# SUMMARISING CONTINUOUS VARIABLE in R SCRIPT FILE.
# www_statstutor_ac_uk Community Project.
# Sofia Maria Karadimitriou, Sheffield University.
# Reviewed by Basile Marquier, University of Sheffield.
# Dataset: birthweight_reduced csv.
# Resource: Summarising Continuous Variables in R.
#Download the data set in .csv format and put it in a directory on your computer.
#If your file is saved as a standard Excel file, save it as a csv file first.
#Open the birthweight reduced dataset which is saved as a csv file and call it birthweightR.
#This example refers to the memory stick where the data is stored as stcp-Rdataset-birthweight_reduced.
birthweightR<-read.csv("D:\\stcp-Rdataset-birthweight_reduced.csv",header=T,sep=",")
#Tell R we are using the birthweight dataset until further notice using attach.
#This means that 'Gestation' can be used instead of birthweightR$Gestation.
attach(birthweightR)
#R assumes all numeric values are continuous so tell it that ‘smoker’ is a factor.
#and attach labels to the categories (for example 0 in smoker means the mother is a non-smoker).
# The factor command uses variable<-factor(variable,c(category numbers),labels=c(category names)).
smoker<-factor(smoker,c(0,1),labels=c('Non-smoker','Smoker'))
attach(birthweightR)
############ Summarising one continuous variable ##############.
#To calculate a range of summary statistics quickly use summary(variable)
summary(birthweight)
#There is no standard deviation in the summary command.
#Individual summary statistics such as mean and standard deviation with missing rows removed
mean(Birthweight,na.rm=T)
#Standard deviation.
sd(Birthweight,na.rm=T)
#Median
median (Birthweight, na.rm=T)
#Interquartile range expressed as one number.
IQR(Birthweight, na.rm=T)
############ Summarising one continuous variable by group ##############.
#Request summary statistics of birthweight by group
#give each summary a name.
Smoking<-summary(Birthweight[smoker=='Smoker'])
Non_smoking<-summary(Birthweight[smoker=='Non-smoker'])
#Combine the results into one table and give it a name
compare1<-cbind(Smoking,Non_smoking)
#Then reduce the decimal places to 2.
round(compare1,2)
#Calculating individual summary statistics.
#Mean by one group
mean(Birthweight[smoker=='Smoker'])
#Standard deviation by one group
sd(Birthweight[smoker=='Smoker'])
#Calculate the mean birthweight by using tapply.
#calculate means and standard deviations for each group.
#na.rm=T removes rows that missing values exist.
means<-tapply(Birthweight,smoker,mean,na.rm=T)
sds<-tapply(Birthweight,smoker,sd,na.rm=T)
#Combine in one table and give rownames.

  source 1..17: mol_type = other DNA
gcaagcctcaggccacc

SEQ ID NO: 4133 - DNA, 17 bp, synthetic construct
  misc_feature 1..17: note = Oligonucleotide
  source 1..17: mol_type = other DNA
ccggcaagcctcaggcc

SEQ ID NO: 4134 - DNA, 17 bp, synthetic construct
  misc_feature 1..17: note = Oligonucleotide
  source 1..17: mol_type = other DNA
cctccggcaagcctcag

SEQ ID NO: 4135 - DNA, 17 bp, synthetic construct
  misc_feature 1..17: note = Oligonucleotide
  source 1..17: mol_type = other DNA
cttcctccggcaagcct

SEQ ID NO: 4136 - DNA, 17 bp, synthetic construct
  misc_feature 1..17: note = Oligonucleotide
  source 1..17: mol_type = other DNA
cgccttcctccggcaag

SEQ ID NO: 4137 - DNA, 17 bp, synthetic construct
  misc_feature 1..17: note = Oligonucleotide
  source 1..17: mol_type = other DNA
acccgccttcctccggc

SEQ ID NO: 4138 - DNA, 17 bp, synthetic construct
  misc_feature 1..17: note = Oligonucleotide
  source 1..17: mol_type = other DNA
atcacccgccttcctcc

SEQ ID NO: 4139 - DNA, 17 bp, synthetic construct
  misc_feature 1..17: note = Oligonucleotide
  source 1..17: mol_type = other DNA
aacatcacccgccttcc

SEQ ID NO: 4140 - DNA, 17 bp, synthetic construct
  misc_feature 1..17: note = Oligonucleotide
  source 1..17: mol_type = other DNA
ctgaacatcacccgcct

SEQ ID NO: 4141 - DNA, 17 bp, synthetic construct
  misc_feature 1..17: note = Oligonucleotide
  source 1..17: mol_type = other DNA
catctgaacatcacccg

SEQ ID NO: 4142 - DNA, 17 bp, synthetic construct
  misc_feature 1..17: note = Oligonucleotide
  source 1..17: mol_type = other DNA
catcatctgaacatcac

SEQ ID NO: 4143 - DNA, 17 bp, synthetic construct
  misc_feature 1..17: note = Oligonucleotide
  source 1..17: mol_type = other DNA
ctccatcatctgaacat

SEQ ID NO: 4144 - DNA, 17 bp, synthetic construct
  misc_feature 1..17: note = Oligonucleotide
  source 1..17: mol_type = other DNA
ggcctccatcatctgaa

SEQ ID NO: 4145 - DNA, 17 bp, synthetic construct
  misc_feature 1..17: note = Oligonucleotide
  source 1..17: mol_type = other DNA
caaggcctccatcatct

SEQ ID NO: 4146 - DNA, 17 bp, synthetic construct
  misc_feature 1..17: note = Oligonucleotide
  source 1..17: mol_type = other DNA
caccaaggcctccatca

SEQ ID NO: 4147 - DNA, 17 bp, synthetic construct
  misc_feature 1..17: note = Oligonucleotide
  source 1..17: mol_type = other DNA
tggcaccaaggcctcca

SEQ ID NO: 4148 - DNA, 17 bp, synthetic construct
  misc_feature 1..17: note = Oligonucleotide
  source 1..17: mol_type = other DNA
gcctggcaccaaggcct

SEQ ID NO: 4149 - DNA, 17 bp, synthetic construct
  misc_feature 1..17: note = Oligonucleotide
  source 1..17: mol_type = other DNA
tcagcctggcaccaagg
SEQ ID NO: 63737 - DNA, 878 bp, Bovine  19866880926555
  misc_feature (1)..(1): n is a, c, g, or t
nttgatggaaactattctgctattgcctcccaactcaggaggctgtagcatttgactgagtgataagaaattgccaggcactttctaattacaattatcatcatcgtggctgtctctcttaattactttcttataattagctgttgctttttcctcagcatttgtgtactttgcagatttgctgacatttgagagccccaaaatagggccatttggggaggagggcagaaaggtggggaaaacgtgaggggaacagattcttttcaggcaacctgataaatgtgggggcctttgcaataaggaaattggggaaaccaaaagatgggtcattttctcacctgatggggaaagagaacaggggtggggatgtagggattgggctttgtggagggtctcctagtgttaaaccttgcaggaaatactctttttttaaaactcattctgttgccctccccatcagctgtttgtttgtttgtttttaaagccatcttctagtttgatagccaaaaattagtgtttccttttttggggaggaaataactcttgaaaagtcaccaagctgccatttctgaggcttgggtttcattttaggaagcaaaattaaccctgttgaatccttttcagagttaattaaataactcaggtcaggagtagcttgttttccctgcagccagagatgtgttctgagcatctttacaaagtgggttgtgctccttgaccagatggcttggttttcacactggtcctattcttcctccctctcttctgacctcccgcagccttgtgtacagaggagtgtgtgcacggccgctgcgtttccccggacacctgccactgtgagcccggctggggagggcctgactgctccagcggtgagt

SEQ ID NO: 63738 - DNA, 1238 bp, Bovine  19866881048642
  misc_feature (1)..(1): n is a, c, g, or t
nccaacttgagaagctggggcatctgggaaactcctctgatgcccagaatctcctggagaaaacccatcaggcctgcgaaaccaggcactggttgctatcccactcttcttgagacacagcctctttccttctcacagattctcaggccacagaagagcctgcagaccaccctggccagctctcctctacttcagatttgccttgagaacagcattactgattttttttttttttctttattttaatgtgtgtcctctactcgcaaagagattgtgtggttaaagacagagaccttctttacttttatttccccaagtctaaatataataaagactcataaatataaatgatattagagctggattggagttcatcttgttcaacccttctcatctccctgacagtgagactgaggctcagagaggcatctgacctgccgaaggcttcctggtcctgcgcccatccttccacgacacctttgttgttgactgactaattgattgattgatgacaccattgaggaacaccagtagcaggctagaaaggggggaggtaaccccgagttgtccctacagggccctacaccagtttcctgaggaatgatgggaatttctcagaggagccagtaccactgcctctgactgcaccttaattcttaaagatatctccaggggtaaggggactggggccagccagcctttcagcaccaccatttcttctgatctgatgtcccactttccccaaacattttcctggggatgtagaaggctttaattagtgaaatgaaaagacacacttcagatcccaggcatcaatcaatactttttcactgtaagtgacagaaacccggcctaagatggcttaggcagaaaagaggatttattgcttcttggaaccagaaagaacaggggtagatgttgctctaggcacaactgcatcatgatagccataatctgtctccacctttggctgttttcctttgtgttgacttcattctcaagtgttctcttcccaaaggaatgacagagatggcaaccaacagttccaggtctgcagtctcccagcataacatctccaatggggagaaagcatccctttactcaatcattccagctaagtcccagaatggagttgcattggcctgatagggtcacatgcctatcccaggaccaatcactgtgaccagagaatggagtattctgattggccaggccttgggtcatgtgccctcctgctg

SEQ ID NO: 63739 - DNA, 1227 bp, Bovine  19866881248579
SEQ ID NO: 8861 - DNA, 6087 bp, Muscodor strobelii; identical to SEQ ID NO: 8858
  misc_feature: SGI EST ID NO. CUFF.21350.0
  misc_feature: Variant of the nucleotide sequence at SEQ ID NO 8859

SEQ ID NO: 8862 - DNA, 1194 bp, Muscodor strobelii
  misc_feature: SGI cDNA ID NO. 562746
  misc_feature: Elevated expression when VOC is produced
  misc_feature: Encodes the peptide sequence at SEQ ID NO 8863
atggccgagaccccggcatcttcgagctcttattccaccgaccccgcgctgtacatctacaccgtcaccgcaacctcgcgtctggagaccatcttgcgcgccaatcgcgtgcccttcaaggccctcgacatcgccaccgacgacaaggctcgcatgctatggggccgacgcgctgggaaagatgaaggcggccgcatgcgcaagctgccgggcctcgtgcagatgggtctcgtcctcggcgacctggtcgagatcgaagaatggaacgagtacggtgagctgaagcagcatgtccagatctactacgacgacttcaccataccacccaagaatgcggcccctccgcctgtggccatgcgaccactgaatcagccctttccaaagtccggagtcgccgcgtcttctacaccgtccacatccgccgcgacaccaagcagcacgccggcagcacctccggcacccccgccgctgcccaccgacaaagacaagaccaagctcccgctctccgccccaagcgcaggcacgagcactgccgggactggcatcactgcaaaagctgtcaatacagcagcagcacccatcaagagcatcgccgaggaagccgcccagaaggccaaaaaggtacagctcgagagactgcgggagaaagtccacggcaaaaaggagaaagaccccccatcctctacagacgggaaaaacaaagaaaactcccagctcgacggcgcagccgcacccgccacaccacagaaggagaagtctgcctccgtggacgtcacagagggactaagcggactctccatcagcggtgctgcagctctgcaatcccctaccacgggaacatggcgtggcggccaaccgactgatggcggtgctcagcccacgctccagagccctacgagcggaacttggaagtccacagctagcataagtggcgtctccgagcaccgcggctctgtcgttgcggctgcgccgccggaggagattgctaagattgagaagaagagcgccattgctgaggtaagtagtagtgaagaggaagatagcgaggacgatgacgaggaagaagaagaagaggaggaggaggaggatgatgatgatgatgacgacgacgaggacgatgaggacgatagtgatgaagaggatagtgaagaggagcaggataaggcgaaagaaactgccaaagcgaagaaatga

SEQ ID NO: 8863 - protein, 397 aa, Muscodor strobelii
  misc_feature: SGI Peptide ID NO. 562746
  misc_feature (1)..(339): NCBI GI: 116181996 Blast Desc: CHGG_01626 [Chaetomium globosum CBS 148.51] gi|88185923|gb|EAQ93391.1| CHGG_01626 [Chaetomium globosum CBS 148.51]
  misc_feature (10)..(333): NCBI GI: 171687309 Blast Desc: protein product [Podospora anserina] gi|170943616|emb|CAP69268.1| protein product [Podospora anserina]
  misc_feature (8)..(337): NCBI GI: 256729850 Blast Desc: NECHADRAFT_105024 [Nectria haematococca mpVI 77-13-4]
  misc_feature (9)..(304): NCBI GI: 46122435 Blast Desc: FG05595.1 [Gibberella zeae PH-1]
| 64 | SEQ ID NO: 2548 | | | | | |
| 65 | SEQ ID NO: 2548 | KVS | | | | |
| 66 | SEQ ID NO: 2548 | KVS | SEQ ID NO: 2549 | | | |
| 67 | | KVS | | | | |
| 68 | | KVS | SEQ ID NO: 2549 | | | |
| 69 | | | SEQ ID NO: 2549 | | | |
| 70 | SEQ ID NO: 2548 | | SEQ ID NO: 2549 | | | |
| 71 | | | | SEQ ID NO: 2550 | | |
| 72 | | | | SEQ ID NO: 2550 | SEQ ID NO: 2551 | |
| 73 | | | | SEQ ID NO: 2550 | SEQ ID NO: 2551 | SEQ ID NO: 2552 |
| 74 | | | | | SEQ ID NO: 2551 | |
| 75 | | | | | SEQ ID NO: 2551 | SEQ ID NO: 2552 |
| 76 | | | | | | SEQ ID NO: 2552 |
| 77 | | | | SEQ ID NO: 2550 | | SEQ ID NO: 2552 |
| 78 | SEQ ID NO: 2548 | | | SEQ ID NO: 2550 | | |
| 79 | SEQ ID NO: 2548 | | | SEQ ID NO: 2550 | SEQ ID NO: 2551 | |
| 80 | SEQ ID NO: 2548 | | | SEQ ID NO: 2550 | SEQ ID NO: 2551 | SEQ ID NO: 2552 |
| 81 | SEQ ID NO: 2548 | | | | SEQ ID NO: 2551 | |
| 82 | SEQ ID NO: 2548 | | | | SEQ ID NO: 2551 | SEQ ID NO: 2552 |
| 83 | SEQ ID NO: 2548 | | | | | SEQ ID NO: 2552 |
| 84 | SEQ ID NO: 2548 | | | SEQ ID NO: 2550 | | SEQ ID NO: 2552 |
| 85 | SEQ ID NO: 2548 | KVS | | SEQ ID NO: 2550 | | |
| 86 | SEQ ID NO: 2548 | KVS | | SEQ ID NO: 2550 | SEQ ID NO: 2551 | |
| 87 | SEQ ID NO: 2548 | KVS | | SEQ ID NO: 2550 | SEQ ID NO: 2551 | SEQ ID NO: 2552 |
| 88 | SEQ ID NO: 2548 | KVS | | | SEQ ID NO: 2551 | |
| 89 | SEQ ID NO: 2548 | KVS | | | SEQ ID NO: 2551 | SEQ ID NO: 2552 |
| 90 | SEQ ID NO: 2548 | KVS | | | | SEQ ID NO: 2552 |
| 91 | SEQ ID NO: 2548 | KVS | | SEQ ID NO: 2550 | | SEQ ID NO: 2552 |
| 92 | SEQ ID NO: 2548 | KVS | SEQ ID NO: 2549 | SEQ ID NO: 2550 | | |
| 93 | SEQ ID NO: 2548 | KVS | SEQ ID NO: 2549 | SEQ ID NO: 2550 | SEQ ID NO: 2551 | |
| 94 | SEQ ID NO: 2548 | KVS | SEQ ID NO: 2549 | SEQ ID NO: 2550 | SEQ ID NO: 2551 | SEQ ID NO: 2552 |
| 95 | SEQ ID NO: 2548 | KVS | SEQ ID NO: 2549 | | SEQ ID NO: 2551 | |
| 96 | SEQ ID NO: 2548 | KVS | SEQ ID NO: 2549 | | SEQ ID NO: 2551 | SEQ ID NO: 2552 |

results1<-cbind(means,sds)
#Round all the summary statistics to 2 decimal places.
round(results1,2)
####### Histograms #################.
#To plot histograms of frequencies for one variable and blue bars.
hist(Birthweight,main='Histogram of Birthweight',xlab='Birthweight (lbs)',probability=F,col="lightblue")
#To add a normal curve, the histogram must contain densities (probabilities) rather than frequencies.
#Change probability=F to probability=T.
hist(Birthweight,main='Histogram of Birthweight',xlab='Birthweight',probability=T,col="lightblue")
#To change the number of bars, use the breaks command.
#You can specify a number e.g. breaks=5 or the break points e.g. breaks =c(6,7,8,9,10).
hist(Birthweight,main='Histogram of Birthweight',xlab='Birthweight',probability=T,col="lightblue",breaks=7)
#A line representing a very smooth histogram can be added to the plot to aide normality checks.
#This command adds a smooth version of the histogram.
lines(density(Birthweight))
#If you wish to add a standard normal curve generate many data points from a normal distribution with the same mean and variance.
#col changes the colour of the line.
lines(density(rnorm(n=1000000,mean=mean(Birthweight),sd=sd(Birthweight))),col=2)
############ Histograms by group ###############.
#Specify that two charts are needed on top of each other.
par(mfrow=c(2,1))
#Plot a histogram for the birthweight of babies of non-smoker mothers.
#ylim=c(min,max) gives limits for the y-axis scale.
hist(Birthweight[smoker=='Non-smoker'],main='Histogram for non smokers',xlab='Birthweight (lbs)',probability=T,ylim=c(0,0.4),col="lightblue",breaks=c(4,5,6,7,8,9,10,11))
#Plotting the normal curve (generate many data points from normal distribution with the same mean and variance)
lines(density(rnorm(n=10000000,mean=mean(Birthweight[smoker=='Non-smoker']),sd=sd(Birthweight[smoker=='Non-smoker']))),col=2)
#Plot the histogram for smokers.
hist(Birthweight[smoker=='Smoker'],main='Histogram for smokers',xlab='Birthweight (lbs)',probability=T,ylim=c(0,0.4),col="lightblue",breaks=c(4,5,6,7,8,9,10,11))
#Plotting the normal curve (generate many data points from normal distribution with the same mean and variance)
lines(density(rnorm(n=10000000,mean=mean(Birthweight[smoker=='Smoker']),sd=sd(Birthweight[smoker=='Smoker']))),col=2)
#Plotting Boxplots in one screen.
par(mfrow=c(1,1))
boxplot(Birthweight~smoker,col='tomato',main='Birthweight by smoking group of mother',xlab='Smoking group',ylab='Birthweight')